With more time on their hands, residents in Mathews County are using this time to turn a hard situation into something positive. April 1st marked the first day of Keep America Beautiful Month and a rising tide of community “ploggers.” MCVIC wanted to highlight the efforts of a growing community group working together to cleanup Mathews roadways during their coronavirus quarantine.
That’s right, we said “Ploggers” or, “the act of jogging or walking while picking up trash.” Digging a little further, a recent Guardian article describes plogging as a portmanteau word combining the act of jogging while picking, or “plocka” in Sweden. Plo-gging. (If you stuttered over the word “portmanteau,” so did we – it means blending the sounds and meanings of two words.) This growing activity in Sweden has been described by many to be healthy in body, mind, and environment, and it has made it’s way all the way to small town Mathews.
A Facebook group called “Mathews County Ploggers,” started just under two weeks ago on March 21st. Already, it has picked up 40 members already, all of them adamant about litter pickup in Mathews. Just looking at who reported to the group, they have collectively picked up over 22 bags of trash spanning several miles of backroads. Let this be known, that those 22 bags were picked up from 10% of their members, meaning their efforts are far wider from the folks who choose not to share their day’s work of plogging.
Jan Wilson Towne is the resident responsible for creating the group in hopes to “clean up Mathews County roadways and shorelines and keep them looking great.” She saw an opportunity while folks were forced to work or stay at home. Another resident, Terri (pictured) encouraged people to participate “as a blessing to others while church services are canceled throughout the community.”
They recommend these tips for individuals interested in participating:
- Use separate bags for recycling so you do not have to do that when you get home.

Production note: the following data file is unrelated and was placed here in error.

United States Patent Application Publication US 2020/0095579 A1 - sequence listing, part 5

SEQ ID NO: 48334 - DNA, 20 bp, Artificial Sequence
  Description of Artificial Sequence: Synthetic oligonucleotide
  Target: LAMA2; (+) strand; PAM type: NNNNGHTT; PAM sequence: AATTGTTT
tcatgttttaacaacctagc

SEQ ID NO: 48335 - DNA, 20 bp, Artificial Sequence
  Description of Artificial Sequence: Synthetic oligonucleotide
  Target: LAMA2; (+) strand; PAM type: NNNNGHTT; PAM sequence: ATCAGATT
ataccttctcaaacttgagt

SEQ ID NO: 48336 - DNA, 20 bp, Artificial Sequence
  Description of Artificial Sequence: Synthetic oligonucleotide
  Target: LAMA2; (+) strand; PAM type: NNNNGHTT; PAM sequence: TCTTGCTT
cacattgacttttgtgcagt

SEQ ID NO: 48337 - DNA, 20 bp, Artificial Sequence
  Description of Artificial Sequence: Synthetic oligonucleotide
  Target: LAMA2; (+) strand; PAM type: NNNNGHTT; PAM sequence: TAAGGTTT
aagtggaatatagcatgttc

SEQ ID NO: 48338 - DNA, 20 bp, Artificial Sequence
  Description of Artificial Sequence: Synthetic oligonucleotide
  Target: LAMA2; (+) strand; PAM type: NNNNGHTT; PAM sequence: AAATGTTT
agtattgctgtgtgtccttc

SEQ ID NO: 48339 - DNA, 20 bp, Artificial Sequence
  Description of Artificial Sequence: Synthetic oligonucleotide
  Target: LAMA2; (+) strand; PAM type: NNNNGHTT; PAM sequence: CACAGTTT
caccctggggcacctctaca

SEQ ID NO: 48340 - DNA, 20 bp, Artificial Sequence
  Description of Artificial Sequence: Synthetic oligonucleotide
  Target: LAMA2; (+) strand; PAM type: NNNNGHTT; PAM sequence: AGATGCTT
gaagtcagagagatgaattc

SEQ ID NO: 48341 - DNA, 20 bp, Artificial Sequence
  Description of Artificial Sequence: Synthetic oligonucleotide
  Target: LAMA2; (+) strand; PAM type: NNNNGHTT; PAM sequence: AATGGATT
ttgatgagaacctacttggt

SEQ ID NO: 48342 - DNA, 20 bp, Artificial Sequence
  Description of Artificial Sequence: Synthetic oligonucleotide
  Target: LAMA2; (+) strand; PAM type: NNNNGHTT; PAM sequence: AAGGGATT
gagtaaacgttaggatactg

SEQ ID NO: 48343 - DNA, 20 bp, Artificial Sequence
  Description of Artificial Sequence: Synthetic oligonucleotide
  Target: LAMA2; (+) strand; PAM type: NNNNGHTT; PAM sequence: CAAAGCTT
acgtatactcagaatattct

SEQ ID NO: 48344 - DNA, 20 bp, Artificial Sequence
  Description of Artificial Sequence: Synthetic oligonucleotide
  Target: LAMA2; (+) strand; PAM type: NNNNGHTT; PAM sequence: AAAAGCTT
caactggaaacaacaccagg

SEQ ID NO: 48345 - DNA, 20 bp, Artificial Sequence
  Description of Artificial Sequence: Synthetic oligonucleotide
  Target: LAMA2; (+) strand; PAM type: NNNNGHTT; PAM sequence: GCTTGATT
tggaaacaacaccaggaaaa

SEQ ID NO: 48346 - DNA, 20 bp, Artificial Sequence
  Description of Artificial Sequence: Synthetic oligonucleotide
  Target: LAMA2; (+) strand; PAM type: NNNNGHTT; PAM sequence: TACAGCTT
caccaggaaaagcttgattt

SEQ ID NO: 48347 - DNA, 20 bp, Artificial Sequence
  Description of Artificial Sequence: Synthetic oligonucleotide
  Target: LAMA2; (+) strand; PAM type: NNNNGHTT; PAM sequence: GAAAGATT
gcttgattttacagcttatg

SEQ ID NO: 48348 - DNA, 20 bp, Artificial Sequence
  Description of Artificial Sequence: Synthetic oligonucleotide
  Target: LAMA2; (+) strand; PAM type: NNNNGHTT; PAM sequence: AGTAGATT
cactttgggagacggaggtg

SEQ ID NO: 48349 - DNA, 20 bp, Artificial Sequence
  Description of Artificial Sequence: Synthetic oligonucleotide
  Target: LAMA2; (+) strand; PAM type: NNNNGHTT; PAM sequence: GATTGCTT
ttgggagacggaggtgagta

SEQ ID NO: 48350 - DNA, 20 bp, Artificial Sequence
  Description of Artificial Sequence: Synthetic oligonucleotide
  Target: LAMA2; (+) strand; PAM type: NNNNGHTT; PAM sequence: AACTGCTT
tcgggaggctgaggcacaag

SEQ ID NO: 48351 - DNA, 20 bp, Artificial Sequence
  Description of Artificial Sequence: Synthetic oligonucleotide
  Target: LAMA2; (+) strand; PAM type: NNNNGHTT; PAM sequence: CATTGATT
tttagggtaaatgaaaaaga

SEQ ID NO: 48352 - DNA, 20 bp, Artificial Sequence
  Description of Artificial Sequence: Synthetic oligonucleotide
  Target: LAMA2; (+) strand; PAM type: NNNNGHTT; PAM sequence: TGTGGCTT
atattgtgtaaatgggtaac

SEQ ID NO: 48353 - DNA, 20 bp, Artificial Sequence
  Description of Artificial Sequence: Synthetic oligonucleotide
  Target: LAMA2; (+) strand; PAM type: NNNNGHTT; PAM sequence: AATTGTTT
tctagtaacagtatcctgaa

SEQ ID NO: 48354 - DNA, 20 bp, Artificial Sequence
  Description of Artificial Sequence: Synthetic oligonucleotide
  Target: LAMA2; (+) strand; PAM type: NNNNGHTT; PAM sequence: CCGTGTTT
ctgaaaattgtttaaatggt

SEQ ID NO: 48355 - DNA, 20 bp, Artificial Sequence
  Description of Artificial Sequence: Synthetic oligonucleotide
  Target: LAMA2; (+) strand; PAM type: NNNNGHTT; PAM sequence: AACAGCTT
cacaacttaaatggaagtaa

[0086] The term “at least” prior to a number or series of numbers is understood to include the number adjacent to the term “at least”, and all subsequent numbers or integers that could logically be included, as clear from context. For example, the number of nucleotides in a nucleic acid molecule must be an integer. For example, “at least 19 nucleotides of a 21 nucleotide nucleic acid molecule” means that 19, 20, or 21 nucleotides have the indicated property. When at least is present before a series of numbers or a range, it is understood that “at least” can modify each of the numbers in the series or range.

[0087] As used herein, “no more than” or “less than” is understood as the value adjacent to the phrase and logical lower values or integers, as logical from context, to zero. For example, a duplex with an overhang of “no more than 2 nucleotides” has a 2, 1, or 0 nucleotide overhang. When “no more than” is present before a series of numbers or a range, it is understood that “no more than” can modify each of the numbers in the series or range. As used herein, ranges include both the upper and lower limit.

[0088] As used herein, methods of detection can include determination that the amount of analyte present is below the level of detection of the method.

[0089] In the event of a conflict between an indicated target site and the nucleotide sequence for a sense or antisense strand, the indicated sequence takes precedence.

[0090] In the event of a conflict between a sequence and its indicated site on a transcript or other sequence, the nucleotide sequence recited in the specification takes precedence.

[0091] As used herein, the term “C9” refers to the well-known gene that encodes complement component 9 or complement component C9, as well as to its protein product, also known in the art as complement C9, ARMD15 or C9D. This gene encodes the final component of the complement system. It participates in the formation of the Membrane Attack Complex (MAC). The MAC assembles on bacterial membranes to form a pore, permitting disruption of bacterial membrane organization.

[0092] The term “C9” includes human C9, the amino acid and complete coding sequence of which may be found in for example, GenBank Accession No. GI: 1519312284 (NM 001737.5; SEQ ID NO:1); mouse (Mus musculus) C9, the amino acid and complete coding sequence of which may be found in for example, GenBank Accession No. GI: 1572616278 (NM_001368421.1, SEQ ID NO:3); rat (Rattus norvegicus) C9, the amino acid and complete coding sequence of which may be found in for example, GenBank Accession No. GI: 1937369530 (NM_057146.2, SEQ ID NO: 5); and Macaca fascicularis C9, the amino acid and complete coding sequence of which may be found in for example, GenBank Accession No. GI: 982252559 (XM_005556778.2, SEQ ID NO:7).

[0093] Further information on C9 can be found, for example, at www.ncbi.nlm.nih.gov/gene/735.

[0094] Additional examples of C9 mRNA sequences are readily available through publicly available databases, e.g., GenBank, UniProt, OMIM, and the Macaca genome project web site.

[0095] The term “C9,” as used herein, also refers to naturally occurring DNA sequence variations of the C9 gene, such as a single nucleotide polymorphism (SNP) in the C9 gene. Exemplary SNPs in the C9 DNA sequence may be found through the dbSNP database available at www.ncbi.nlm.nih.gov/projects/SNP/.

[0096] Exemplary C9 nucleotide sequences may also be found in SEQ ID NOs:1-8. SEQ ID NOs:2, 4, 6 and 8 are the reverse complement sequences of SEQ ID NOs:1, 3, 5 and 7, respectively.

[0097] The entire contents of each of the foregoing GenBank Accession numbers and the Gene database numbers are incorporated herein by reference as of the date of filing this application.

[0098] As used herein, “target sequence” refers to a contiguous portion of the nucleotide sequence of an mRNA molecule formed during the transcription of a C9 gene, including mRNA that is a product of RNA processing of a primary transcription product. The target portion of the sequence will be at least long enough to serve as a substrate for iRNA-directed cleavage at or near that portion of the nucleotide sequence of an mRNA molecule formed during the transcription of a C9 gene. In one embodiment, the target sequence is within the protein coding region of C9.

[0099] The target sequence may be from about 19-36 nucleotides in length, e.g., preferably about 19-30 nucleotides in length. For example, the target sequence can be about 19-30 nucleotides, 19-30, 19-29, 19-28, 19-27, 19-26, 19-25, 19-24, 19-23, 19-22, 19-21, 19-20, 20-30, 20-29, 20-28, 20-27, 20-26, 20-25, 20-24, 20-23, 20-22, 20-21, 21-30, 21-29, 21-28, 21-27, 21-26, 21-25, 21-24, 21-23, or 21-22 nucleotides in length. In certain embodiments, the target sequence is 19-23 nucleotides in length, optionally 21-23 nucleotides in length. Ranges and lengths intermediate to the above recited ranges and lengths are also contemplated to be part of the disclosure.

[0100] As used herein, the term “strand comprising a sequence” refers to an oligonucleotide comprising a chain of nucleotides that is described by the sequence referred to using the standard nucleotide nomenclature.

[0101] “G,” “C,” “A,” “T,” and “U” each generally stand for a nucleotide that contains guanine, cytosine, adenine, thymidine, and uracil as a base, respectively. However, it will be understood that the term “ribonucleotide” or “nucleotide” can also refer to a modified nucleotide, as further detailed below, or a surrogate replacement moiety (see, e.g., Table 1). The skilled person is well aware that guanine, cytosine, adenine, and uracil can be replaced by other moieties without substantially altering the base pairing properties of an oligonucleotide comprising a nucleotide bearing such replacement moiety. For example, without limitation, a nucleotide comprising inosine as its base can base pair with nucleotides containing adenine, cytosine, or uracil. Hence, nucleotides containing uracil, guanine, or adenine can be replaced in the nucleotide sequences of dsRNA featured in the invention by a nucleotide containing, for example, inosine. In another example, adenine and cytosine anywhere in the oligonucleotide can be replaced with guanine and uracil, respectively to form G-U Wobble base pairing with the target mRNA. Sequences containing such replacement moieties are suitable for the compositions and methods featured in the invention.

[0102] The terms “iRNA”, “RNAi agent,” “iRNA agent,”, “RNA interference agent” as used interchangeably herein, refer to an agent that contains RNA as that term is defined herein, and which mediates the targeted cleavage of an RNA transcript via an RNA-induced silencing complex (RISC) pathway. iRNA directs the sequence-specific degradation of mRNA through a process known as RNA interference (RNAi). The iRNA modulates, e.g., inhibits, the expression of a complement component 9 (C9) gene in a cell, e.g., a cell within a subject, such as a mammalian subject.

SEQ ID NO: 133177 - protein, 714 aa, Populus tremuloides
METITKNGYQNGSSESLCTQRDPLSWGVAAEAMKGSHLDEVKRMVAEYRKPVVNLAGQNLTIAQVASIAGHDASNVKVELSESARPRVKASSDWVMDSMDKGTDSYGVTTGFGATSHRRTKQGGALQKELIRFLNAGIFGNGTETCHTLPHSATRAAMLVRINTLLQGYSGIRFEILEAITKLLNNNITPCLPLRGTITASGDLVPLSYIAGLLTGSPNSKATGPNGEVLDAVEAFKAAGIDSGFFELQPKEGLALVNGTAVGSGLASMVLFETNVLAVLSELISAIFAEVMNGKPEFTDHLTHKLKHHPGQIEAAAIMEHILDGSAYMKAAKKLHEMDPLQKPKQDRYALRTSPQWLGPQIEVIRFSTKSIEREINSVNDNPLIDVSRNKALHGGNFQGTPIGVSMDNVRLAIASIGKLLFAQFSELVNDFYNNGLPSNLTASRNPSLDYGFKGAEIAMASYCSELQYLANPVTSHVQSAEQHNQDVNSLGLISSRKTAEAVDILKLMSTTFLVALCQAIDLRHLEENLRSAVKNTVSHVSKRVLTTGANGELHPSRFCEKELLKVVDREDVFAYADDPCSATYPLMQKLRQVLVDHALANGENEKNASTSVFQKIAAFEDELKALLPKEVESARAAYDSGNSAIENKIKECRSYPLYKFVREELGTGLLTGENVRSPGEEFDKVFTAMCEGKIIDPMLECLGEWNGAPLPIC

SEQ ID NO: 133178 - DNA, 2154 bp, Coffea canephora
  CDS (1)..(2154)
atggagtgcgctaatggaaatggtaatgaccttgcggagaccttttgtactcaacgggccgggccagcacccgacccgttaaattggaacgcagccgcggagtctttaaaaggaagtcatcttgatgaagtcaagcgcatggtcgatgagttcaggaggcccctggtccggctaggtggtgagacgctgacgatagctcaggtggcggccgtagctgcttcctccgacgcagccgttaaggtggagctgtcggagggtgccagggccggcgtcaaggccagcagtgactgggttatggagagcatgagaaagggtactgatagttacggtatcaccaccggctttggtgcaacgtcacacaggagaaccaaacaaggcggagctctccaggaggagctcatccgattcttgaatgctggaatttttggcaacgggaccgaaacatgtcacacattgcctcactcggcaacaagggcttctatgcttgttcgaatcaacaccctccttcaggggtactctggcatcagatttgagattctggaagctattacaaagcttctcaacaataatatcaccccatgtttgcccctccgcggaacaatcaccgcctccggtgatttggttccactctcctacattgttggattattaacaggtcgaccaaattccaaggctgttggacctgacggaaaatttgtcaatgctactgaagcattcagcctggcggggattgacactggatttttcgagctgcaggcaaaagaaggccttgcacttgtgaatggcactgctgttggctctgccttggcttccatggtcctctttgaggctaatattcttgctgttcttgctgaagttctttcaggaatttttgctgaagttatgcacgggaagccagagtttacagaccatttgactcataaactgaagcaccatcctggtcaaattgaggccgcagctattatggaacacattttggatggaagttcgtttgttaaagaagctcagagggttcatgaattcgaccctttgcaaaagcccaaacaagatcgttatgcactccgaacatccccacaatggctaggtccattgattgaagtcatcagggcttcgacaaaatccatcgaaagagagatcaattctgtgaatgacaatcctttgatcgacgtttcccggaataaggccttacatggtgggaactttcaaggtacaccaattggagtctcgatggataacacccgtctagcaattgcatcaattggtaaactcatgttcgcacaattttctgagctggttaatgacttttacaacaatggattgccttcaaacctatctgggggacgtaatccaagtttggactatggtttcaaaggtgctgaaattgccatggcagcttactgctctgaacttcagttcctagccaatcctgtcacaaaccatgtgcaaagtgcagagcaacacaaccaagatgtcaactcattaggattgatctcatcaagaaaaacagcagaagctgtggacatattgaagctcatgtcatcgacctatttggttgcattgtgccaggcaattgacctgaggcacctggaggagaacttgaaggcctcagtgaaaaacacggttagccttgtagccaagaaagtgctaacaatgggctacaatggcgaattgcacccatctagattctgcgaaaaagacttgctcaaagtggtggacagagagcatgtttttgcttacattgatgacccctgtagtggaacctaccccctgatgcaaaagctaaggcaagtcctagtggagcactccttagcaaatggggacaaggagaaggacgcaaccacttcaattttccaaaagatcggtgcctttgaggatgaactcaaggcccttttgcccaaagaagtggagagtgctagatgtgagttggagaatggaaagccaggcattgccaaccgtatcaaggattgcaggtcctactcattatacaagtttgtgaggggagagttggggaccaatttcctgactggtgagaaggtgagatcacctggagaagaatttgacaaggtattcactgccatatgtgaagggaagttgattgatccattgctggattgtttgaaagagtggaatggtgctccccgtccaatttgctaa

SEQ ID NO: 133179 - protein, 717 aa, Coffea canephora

- Wear disposable gloves (MCVIC also recommends, don’t touch your skin or face and also wear long sleeved shirts, pants and water proof shoes when the ground & ditches are wet.)
- If kids help – make sure they have a tetanus shot as there are rusted cans and glass they may cut themselves on. (MCVIC also recommends, don’t bring kids along narrow, windy back roads, but pick less crowded, straight roads instead.)
- Bring more bags than you think you will need.
- Even though your area may look like there is no litter, there is! Under leaves, unpaved drainage ditches, woods, etc..You will be surprised. Tip: Nets, and poles help for ditches!
We asked some members their big WHY? One member named, John Craig responded,
I waterfowl hunt and after that season ends is when I hit the road. Been doing it for 18 years… My trash chariot has seen many things, from 2 quarts of moonshine to dirty diapers . I am always trying to guess why and what things are I have picked up. I try to be on the road between 4 and 6 PM so I can wave to people as they head home, the idea they will see what I am doing and think twice before throwing trash out, but I have seen for some it didn’t work. To answer the question why I pick up trash? It would have to be my love for Mathews and for my Lord and savior.-John Craig
The group would like folks to think twice about throwing something out the window. They’ve noticed especially the abudance of discarded beer bottles, soda cans and many many cigarette butts.
They also ask you to consider slowing down for their safety, and watch for pickers on the side of the road often adorned in bright orange vests.
Most importantly, through their acts, energies and dedication of time, maybe we can all use this extra time to appreciate the outdoors, take pride in our county, and find creative ways to share our love for Mathews with our families.
Our “Big WHY” for sharing this silver-lining: part 1 series.
MCVIC has embarked on a month long campaign to share positivity and “silver-lining” moments of how Mathews shines among the impacts of this pandemic. We want to remind our community how special it is and break up their newsfeed clouded with COVID-19 updates. When we’re not engaging with visitors and hosting events, we always try to work on community-building. Follow VisitMathews on Facebook and Instagram to get engaged.
The Visitor Center (MCVIC) is the “clean community coordinator” for Mathews and hosts 2 annual pickups a year in Spring and Fall. We are particularly happy to see this interest among citizens growing at the grassroots level. When the center reopens when it is safe to do so, we hope to encourage more community participation.